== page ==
One of the enablers of our strategy is innovation and PBS is innovative by design – but its not about technology, it’s about process and how we deliver new services to clients.
Tell me about your roll out of ServiceNow?
ServiceNow is the enabler of service delivery within PBS: how we request and deliver services and how we manage our teams, not just in terms of the workflow but how we provide all sorts of back end data and analysis that allows us to track delivery against agreed KPIs and SLAs. There has been a huge amount of work prior to going live and on 17 March the first round of 10 services will be delivered through this channel. Over time there will be hundreds of services running through this system, but the first are ready to go live on 17 March.
Of course, PBS21, Service Now and all the other technology we are introducing requires training. As a general observation, from someone who has been with the firm for 27 years, we have never introduced so much tech concurrently. It’s a significant undertaking, but very exciting. Historically we’ve done things more sequentially, but the scale of PBS21 means we have to work in a more agile way. As part of this, we have created a 30-strong Project Management Office that bring transformation experience, working hand in hand with the Technology PMO who have responsibility for delivery of the tech solutions.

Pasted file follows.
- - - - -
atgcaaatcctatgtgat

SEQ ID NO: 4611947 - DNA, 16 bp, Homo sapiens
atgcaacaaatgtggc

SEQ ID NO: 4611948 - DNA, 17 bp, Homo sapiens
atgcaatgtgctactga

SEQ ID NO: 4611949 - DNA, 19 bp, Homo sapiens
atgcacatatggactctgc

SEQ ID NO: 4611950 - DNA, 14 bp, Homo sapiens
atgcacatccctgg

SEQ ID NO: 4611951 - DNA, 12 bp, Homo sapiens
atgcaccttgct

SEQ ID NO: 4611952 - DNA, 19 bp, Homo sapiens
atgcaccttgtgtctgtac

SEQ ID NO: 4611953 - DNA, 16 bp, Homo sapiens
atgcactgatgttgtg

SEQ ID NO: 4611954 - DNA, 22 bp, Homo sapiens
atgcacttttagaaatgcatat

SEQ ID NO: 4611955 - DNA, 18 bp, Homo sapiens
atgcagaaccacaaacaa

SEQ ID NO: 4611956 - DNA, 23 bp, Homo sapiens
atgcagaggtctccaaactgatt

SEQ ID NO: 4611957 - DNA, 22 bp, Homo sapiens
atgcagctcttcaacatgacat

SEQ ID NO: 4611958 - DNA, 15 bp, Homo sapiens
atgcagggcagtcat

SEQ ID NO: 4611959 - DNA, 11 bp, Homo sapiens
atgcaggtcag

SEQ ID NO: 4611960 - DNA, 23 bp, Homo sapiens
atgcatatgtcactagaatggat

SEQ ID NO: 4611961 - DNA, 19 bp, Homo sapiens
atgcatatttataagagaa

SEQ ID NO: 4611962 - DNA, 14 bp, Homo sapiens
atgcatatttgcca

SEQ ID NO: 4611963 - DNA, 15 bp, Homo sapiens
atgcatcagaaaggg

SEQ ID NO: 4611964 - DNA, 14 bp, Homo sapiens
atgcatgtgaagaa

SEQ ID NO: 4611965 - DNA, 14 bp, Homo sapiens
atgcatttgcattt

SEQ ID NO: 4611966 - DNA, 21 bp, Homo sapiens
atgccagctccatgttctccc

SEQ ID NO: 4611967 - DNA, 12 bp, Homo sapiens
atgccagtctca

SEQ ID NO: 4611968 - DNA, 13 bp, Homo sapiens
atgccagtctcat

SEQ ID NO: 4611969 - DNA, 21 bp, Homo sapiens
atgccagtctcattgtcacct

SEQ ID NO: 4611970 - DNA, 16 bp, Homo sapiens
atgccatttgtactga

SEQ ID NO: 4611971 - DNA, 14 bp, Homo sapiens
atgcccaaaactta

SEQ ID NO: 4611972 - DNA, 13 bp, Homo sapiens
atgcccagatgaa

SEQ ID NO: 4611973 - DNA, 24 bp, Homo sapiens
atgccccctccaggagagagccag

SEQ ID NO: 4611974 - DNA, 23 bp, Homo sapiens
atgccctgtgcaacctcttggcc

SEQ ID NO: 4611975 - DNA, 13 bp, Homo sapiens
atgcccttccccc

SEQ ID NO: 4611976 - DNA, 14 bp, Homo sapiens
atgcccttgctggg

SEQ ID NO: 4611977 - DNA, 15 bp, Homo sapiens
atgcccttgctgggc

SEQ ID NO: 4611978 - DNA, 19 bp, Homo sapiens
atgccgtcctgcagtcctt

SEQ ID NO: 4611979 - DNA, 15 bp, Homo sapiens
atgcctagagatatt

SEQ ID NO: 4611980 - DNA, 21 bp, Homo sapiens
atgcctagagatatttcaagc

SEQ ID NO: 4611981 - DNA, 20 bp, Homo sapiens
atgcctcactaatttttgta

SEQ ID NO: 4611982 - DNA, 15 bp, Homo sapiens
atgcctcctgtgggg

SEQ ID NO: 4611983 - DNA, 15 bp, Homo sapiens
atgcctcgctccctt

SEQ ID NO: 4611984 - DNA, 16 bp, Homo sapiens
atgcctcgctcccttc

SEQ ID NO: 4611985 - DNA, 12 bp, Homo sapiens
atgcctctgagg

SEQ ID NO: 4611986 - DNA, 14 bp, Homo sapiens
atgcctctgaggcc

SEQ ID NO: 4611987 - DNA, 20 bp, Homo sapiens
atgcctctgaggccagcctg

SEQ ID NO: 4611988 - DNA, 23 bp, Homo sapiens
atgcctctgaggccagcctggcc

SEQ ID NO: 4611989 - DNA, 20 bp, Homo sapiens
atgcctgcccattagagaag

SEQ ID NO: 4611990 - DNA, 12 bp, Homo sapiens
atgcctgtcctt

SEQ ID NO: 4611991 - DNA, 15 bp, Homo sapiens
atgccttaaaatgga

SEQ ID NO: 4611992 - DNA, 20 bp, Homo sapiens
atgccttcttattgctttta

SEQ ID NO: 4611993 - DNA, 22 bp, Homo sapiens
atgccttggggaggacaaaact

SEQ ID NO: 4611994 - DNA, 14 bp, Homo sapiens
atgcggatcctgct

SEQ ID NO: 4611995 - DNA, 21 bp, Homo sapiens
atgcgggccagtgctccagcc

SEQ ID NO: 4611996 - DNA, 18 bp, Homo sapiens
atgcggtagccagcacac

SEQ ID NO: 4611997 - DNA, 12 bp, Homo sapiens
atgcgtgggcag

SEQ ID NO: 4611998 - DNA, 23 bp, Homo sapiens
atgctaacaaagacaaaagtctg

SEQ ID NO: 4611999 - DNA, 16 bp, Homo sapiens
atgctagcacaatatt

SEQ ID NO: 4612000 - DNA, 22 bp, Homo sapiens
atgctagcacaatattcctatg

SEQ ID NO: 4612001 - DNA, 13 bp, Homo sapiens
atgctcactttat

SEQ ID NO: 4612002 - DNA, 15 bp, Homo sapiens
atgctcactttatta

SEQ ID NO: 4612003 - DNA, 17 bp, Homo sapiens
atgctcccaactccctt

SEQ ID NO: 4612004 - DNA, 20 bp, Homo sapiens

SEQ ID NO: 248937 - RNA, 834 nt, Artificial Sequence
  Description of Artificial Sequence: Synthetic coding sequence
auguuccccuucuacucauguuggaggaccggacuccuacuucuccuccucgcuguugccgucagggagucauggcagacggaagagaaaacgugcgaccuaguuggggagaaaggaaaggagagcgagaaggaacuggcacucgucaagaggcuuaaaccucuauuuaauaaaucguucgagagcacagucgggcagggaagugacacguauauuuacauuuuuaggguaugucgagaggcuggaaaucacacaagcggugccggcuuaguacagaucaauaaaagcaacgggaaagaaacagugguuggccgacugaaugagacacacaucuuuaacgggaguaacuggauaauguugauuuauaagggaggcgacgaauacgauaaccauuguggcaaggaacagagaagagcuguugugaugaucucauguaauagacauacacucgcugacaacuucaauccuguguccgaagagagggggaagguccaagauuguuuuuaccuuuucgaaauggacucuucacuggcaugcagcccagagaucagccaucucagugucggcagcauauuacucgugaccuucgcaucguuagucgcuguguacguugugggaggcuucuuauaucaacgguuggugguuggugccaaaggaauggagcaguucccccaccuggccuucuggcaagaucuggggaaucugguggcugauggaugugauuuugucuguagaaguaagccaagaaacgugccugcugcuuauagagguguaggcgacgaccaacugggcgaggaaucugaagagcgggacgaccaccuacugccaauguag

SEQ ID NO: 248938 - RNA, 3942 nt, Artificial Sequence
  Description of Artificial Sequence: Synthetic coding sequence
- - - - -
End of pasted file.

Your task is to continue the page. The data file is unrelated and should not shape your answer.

PBS21 has forced us to work in a very different and agile way. We have regular stand ups, tools to facilitate workflow and communication – it’s a very different way of working. It’s a fantastic way of working, and those teams, working together, are critical to our success in implementation.
How do the reporting lines work?
Jason Marty has overall responsibility for PBS21 as our Firm COO. I lead the PMO and we are responsible for delivering PBS21.
How will you rewrite the processes globally for a firm the size of Baker McKenzie?
We worked closely with The Boston Consulting Group on design. Of course, when you design something on paper it looks simple but there are obviously many issues when you start to put it into practice. We are very geographically distributed and our biggest geography, the US, only houses 15% of our lawyers. So, it’s a challenging base to come from, but everyone understands that the legal sector is changing, and we have to change with it. We have to be ahead of it and operate like our clients delivering efficient business services in a streamlined way.